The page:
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Strange Life Forms Found! Autism Accurately Diagnosed! Immortality is Possible! December 4, 2010

Posted by stuffilikenet in Awesome, Science.

Seriously, this has been one hell of a week for science.  NASA announced Arsenic-based life forms, Harvard scientists practically cured old age in mice and University of Utah scientists (and those pesky Harvardians) have begun trying Diffusion Tensor Imaging (a kind of MRI) to detect autism.

Each one of these amazing stories has a LOT of backstory and a tanker full of caveats, but this is science and not religion so pay attention.

First off, the NASA guys didn’t find these bacteria on Rhea, as some more excitable folk speculated, they found the bacteria in Mono Lake and began to breed them to accept arsenates instead of phosphates. Predictably, they survived it (Mono Lake is pretty full of arsenic).  Unpredictably, they thrived and began using arsenates instead of phosphates for pretty much all of phosphate’s functions.  Still, they bred ’em and they seem to be pretty healthy…I can only see this moving into environment remediation when this has had some further examination.

Next, Harvard guys bred some mice with weak expression of the gene which produces telomerase, which is largely responsible for repairing the ends of DNA.  This helps keep your DNA copies faithful to the original.  It is thought that “old” DNA makes you old by creating lousy proteins.

Anyway, these mice looked old early in life, and had other symptoms of old age, like shrunken brains (and testes).  These scientists then administered a drug which enhanced the production of telomerase and, lo and behold, the mice regained their youthful appearance, large brains and testes…and shiny young coats, too.  That is not to say that this necessarily translates to people, and they have yet to try this on naturally aged mice, but it’s damned interesting.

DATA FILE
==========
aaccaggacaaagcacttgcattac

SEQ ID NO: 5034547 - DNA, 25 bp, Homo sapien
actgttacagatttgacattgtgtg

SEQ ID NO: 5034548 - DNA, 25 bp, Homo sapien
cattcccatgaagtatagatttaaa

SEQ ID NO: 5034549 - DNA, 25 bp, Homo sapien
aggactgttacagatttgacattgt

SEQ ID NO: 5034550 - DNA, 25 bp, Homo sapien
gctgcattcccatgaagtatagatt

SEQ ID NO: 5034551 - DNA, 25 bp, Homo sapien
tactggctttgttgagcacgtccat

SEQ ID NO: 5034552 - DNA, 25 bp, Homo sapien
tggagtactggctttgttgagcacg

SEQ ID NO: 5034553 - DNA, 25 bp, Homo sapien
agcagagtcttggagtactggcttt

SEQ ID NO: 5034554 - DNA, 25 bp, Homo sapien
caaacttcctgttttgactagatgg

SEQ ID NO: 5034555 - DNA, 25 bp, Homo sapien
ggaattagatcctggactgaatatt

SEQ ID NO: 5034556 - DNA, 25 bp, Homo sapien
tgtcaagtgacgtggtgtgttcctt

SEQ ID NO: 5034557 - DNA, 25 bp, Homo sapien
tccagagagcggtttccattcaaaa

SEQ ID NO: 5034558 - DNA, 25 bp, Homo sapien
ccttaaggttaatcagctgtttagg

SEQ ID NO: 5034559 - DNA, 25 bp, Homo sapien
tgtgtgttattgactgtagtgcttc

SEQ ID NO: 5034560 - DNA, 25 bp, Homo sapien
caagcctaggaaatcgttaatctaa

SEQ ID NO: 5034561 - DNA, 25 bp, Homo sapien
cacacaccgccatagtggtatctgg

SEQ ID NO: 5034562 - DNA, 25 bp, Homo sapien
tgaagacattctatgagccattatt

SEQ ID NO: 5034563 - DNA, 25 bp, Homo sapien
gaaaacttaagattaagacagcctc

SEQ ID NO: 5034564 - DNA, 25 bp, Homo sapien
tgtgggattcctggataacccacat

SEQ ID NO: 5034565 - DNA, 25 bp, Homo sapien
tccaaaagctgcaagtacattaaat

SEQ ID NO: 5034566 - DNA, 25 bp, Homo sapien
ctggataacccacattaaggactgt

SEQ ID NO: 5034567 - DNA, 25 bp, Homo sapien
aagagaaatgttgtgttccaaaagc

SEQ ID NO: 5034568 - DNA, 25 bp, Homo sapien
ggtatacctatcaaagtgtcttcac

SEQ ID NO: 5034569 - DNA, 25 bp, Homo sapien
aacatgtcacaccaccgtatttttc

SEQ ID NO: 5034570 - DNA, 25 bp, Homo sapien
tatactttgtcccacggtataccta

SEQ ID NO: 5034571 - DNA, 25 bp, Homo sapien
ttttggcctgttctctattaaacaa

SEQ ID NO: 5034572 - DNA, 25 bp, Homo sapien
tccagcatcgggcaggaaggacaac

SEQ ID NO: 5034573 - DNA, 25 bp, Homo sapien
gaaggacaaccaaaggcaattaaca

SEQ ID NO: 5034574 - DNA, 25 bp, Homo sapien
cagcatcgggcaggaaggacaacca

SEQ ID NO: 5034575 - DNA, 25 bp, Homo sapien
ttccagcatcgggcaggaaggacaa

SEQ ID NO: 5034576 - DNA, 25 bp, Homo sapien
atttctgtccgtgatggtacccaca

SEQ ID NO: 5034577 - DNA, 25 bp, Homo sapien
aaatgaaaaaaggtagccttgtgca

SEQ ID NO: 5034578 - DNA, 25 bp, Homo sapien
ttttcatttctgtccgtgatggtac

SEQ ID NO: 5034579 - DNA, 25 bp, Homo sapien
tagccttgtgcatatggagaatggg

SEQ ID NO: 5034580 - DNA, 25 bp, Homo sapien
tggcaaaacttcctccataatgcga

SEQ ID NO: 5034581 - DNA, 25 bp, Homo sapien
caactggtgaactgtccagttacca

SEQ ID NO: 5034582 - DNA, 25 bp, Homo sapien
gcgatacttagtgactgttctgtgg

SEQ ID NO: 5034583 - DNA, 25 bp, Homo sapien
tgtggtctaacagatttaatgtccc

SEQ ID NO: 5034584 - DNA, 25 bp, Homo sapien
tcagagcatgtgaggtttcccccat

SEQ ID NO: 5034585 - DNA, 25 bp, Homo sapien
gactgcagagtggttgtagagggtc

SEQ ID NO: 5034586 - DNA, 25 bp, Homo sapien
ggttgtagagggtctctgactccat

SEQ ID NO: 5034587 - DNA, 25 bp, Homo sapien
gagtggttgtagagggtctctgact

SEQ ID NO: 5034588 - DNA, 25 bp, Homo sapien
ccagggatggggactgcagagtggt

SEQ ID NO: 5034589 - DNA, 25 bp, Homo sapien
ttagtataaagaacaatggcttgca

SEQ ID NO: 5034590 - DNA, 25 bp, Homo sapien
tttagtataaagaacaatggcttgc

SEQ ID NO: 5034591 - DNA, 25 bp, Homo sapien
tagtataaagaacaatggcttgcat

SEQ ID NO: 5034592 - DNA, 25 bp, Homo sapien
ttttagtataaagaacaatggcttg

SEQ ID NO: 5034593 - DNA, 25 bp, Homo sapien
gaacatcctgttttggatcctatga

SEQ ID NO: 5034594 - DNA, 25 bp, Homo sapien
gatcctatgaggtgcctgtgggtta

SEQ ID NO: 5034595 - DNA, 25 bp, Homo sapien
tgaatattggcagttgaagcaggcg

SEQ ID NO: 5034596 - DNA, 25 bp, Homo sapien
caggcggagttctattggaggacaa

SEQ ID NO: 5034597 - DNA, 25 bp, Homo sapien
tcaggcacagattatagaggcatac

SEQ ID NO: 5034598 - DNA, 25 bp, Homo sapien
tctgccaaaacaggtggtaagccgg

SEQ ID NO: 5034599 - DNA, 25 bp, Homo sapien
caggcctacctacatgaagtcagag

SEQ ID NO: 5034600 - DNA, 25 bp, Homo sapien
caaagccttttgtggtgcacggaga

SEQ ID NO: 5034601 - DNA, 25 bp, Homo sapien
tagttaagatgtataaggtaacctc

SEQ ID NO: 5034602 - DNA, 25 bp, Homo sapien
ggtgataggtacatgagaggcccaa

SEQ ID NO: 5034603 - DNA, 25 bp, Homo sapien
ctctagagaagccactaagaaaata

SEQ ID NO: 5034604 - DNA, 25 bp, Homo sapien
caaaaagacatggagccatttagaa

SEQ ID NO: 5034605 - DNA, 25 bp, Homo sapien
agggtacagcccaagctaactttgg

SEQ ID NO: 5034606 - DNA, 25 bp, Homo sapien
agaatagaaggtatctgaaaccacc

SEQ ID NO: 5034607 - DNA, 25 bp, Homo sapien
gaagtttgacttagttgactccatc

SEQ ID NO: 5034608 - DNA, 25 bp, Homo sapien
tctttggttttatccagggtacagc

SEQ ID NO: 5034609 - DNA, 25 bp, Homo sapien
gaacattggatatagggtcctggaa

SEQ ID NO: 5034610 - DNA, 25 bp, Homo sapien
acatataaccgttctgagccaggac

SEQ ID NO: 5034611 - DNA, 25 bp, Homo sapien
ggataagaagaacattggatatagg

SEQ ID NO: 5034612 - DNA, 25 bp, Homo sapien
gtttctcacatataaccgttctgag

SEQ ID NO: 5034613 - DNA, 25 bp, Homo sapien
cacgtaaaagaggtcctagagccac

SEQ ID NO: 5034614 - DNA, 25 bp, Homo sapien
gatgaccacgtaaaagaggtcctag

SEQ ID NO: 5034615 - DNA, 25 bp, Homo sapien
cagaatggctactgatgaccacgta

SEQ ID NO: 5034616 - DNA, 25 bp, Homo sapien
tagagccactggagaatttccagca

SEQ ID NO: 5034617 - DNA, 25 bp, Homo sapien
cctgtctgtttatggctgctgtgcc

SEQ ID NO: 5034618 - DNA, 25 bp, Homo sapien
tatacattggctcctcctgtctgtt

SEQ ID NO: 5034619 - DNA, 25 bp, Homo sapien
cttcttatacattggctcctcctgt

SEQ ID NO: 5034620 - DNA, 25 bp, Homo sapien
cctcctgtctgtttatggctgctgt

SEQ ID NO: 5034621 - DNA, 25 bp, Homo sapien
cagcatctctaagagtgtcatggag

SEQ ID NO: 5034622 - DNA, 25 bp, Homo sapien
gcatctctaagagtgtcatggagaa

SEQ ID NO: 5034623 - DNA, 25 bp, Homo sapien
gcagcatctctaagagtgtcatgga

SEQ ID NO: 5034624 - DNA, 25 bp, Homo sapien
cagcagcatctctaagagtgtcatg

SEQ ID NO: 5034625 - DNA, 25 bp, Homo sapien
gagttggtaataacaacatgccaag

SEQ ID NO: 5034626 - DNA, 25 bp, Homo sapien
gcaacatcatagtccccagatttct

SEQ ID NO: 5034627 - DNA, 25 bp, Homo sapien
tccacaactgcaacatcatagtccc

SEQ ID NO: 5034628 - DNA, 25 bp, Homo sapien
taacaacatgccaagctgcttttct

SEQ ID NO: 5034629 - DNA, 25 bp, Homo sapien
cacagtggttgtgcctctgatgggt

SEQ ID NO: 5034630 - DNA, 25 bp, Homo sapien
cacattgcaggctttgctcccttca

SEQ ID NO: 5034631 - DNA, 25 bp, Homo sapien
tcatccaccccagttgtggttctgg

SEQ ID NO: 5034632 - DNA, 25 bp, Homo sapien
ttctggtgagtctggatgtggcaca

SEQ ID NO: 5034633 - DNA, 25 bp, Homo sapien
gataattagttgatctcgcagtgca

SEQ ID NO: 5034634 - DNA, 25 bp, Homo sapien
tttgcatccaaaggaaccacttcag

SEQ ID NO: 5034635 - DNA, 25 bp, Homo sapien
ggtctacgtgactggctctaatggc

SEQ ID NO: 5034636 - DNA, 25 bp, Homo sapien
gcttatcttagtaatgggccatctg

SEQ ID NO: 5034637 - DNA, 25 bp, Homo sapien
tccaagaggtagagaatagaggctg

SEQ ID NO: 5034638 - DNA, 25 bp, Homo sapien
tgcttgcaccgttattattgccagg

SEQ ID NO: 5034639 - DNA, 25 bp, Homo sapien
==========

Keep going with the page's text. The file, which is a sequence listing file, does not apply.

Still more interesting (although maybe not to anyone without autism in their family), scientists at Harvard have begun using MRI to diagnose autism patients with a 94% positive correlation (actually”94% sensitivity, 90% specificity, and 92% accuracy”, but that never gets reported in the popular press). They studied two groups, 30 males aged 8 to 26 with high-functioning autism and 30 males without autism. All were scanned using MRI in the temporal gyrus and temporal stem areas of the temporal lobe, considered to be the centers responsible for language learning, developing social skills and emotion responses. Among the specific findings in participants with autism, the fibers in the right side of the superior temporal gyrus were more organized than the fibers on the left; the opposite was true in typical people.

These last two items alone make this a very hopeful week for scientists.  Autism is more common than thought in the general population because people differ significantly in the way it’s expressed;  Bubba might not be an asshole, he might be autistic.

And every single person I know is getting older all the time.  How about funding research on something that matters to every single person that is alive today, and ever will be alive?


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